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Assessment of Indigenous Radio Broadcasters' Translation Strategies and Words Usage: A Study of Sobi 101.9 Fm Ilorin, Kwara State, Nigeria

This article is published in the Tasambo Journal of Language, Literature, and Culture – Volume 1, Issue 1.

RABIU, Ridwan Akinkunmi

Department of English and Linguistics, Kwara State University, Malete, Kwara State, Nigeria
ridwan.rabiu@kwasu.edu.ng & rhidoh91@gmail.com
Phone Number- 09060070668

ONAOPEPO, Ibrahim Bamidele
Department of Mass Communication, Southwestern University, Nigeria 

AKANJI, A. DAUD
Department of Linguistics and Nigerian Languages, University of Ilorin, Ilorin, Kwara State.

ABIOLA, Olutope Lawrence
Department of Mass Communication, Osun State Polytechnic, Iree, Osun State.

Abstract

This paper discusses the translation style and methods adopted by Sobi FM 101.9 Ilorin broadcasters to find equivalent versions for some selected English lexis and structure, translated into the Yoruba language. The main objective of this paper is to analyze the relevance of translation and trace the etymological foundation of the lexis and structure which compel radio broadcasters to use self-lexical coinage and neology. The work was carried out within the purview of Newmark levels of translation (level of naturalness, Referential, cohesive level) to trace the content and function of the lexis and structure. The theory adopted for this work is the knowledge gap theory; the main thrust of this theory is to bridge the language gap that exists in media through the use of the native language. Data for this research were gathered through the elicitation of a recorded news item from Sobi 101.9 FM Ilorin. Our research findings show that most translations from the source language (English) to the target language (Yorùbá) by broadcasters are self-invented, which could either suit the original version in the target language or not. It was observed that radio broadcasters adopt suitable translation methods to retain the content of messages broadcast in a bilingual program. We conclude our work by saying categorically that broad knowledge of the source language helps the productivity of a translator to transmit the message to the audience in the language without any vacuum or gap, and that radio broadcasters adopt any translation method in as much as the audience comprehension of the intended messages are the same with the target language.

Keywords: Translation, Lexis and structure, Indigenous Radio, Lexical function, and Content.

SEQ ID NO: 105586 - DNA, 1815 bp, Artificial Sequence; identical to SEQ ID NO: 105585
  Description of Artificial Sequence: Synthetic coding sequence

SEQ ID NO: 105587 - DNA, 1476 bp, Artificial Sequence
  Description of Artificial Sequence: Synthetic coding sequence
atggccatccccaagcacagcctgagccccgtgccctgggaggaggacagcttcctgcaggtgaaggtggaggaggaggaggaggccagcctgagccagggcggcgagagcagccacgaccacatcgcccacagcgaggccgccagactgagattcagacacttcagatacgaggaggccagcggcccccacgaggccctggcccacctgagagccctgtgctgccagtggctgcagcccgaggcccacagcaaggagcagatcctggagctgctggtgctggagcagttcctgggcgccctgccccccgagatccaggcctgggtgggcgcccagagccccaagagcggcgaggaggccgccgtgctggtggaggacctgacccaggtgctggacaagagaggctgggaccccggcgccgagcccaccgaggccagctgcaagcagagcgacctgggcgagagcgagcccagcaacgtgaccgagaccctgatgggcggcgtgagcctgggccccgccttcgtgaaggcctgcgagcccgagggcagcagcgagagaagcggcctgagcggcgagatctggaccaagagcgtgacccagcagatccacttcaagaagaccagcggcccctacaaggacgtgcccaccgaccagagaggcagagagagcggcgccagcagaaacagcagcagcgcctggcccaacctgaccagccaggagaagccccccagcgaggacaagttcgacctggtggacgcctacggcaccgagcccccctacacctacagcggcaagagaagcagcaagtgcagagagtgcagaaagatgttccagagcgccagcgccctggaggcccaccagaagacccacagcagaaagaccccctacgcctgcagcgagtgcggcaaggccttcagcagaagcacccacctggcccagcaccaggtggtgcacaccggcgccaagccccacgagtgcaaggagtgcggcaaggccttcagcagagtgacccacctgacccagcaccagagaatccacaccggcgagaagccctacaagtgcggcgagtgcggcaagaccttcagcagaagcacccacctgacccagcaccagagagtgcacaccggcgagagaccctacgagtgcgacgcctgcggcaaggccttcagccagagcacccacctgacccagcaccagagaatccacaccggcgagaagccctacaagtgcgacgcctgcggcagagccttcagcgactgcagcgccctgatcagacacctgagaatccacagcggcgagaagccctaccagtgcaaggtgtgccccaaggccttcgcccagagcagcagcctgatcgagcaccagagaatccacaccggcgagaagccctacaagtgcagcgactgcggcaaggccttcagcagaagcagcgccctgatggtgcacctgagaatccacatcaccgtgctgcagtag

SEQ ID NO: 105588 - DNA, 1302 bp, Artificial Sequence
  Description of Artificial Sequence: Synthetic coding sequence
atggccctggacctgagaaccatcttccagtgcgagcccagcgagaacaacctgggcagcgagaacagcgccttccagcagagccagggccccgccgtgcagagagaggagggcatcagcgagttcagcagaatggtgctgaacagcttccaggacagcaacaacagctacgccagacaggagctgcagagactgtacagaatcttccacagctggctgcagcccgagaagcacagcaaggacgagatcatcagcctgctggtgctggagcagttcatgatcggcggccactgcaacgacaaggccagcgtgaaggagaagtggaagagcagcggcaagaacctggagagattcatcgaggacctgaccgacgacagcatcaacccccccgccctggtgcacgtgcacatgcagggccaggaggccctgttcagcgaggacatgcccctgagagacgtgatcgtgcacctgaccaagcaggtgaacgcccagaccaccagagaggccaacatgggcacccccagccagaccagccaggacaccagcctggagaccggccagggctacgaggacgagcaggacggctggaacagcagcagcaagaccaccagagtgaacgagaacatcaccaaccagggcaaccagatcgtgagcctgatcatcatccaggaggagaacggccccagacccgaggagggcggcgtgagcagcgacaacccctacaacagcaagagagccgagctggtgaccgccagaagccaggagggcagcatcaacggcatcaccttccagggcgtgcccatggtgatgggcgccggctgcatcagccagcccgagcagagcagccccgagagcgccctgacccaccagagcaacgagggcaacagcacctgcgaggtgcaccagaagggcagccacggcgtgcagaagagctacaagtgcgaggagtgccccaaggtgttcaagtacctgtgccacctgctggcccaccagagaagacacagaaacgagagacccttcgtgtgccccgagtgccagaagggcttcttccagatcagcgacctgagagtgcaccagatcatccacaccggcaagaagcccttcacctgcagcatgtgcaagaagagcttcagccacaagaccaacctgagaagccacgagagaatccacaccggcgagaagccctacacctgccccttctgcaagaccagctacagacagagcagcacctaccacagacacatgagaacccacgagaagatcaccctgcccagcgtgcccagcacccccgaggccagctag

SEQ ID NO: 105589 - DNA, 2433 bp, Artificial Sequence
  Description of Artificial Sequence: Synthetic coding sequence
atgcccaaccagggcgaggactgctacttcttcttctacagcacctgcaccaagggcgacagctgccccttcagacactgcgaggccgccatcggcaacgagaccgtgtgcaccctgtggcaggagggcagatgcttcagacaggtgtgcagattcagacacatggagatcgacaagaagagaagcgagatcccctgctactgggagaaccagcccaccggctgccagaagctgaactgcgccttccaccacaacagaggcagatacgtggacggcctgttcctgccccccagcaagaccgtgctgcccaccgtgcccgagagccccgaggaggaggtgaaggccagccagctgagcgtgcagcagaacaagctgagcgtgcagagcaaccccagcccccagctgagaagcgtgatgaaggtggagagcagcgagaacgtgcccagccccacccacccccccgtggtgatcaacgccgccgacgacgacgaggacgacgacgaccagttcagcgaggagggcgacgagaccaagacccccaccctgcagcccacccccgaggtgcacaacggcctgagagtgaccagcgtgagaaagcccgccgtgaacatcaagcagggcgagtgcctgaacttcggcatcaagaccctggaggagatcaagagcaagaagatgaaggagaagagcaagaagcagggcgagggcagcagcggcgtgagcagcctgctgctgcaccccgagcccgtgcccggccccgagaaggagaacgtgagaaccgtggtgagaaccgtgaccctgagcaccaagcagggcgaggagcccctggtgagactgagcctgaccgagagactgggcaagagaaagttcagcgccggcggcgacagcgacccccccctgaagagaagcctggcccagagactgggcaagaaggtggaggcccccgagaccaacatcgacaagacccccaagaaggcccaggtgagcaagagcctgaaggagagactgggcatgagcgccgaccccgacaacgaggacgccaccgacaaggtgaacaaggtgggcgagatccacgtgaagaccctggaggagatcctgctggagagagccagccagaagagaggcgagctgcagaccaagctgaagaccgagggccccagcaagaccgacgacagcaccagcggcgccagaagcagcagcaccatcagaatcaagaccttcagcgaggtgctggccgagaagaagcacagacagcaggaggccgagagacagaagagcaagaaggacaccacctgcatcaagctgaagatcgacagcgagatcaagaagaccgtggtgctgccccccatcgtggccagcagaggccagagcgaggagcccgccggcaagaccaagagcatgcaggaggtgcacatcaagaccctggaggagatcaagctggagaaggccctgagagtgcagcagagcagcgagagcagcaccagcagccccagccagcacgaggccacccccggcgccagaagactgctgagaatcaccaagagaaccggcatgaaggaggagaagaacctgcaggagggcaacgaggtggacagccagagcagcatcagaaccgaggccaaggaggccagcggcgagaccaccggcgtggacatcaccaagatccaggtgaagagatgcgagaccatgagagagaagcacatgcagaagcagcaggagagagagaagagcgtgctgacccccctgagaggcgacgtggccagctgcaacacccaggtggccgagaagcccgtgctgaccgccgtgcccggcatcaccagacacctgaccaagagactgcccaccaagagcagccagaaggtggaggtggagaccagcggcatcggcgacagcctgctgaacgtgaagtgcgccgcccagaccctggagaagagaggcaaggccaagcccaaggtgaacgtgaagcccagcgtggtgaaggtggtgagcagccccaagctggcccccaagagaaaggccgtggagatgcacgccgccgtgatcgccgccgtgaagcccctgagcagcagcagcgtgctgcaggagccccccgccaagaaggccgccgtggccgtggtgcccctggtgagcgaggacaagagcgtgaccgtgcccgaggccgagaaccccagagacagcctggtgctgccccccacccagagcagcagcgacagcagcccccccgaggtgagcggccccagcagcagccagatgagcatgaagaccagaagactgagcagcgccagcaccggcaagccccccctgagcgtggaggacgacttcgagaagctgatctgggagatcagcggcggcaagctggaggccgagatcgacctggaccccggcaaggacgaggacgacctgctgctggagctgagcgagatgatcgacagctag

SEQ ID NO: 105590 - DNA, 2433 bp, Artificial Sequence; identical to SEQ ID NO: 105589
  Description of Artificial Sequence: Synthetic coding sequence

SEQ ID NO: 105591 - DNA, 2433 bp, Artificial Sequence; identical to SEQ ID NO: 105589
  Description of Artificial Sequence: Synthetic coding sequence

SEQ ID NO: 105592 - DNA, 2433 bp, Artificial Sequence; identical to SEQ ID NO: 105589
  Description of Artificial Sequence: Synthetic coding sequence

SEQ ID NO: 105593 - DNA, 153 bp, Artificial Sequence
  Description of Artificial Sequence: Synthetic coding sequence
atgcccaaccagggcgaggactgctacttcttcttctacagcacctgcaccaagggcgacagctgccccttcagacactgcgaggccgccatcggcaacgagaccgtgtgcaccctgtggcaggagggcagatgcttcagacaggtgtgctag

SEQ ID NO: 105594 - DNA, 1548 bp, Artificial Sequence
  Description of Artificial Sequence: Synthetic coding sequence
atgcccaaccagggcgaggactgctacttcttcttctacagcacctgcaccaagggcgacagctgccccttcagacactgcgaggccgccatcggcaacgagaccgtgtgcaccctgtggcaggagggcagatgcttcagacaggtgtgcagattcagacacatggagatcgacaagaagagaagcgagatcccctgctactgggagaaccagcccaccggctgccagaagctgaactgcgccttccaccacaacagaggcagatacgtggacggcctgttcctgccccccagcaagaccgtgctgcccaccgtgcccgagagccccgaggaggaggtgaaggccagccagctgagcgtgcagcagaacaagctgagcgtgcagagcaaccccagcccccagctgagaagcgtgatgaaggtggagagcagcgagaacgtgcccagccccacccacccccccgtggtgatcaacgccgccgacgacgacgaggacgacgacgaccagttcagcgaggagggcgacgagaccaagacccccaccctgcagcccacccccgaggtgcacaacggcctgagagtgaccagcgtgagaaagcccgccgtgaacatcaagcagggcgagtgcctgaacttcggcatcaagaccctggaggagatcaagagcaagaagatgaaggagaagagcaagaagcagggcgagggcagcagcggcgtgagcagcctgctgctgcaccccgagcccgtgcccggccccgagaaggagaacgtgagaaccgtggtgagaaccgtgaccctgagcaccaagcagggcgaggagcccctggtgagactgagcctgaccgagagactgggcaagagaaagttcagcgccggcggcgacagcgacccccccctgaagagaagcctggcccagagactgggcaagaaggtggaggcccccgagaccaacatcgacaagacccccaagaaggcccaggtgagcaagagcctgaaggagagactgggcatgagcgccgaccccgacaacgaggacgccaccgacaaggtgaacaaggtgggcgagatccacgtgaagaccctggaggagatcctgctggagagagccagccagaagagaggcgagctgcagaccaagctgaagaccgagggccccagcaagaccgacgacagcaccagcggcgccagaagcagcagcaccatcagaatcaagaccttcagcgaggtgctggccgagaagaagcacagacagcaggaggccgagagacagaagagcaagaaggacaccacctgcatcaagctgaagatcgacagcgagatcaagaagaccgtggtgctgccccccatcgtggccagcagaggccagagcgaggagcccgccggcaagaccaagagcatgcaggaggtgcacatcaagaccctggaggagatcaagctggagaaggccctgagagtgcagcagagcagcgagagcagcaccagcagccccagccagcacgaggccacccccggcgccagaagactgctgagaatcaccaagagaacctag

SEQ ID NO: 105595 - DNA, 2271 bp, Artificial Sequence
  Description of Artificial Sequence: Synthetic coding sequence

Introduction

Since its introduction over a hundred years ago, radio has taken the heart of all the fundamental mass media functions including civic discourse, accountability, and socio-political awareness, and recently becomes a worthwhile medium in the sustainability of indigenous culture, particularly, in the colonized countries like Nigeria (Simon, 2017; Salawu, 2006). Radio is a revolutionary medium of mass communication that has repeatedly reinvented itself as new media came along. It has continued to serve as a companion medium that would keep people company at home, at work, and in the car (Hasson, 2005; Oyero, 2011).

This medium of communication is significantly suitable and can be described as an ideal means of mass communication in a third-world country like Nigeria. It is characterized by large coverage, very cheap to own and maintain without dependency on electricity power supply, and above all, with the indigenous radio revolution in Nigeria, its messages, have continued to break the barrier of illiteracy in form of language (Oyero, 2011; Salawu, 2006 & Folarin, 1990).

It has been observed by scholars that colonization, modernization, and misconception of civilization birthed from the aggressive interest in the development of the western Europe intervention and the Marshall Plan of the United States of America to the developing and underdeveloped part of the world counted as parts of the reasons for the dominant euro-imperial languages in media even though the majority of their population cannot comprehend these languages (Simon, 2017; Esekong, 2014). Many media studies have justified that the opium of communication everywhere around the world is shared commonness between the sender and the receiver, irrespective of the medium. However, the majority of the radio stations in Nigeria are licensed not only to use indigenous language as the main language of broadcasting. Hence, it is a mixture of both English and the local languages depending on the location and philosophy of the station (Adedeji, 2015).

Notwithstanding, the Federal Radio Corporation of Nigeria (FRCN) apart from the official language, casts news and rollout many Programs in other major Nigerian languages such as Hausa, Yoruba, and Igbo. Meanwhile, the intended media objectives may not be realized if the majority of the messages are not packaged in the right languages. Citing Oyero (2011), considering the number of people in Africa who cannot communicate in the English language, the need to communicate with people in indigenous languages is inherent and cannot be under-emphasized.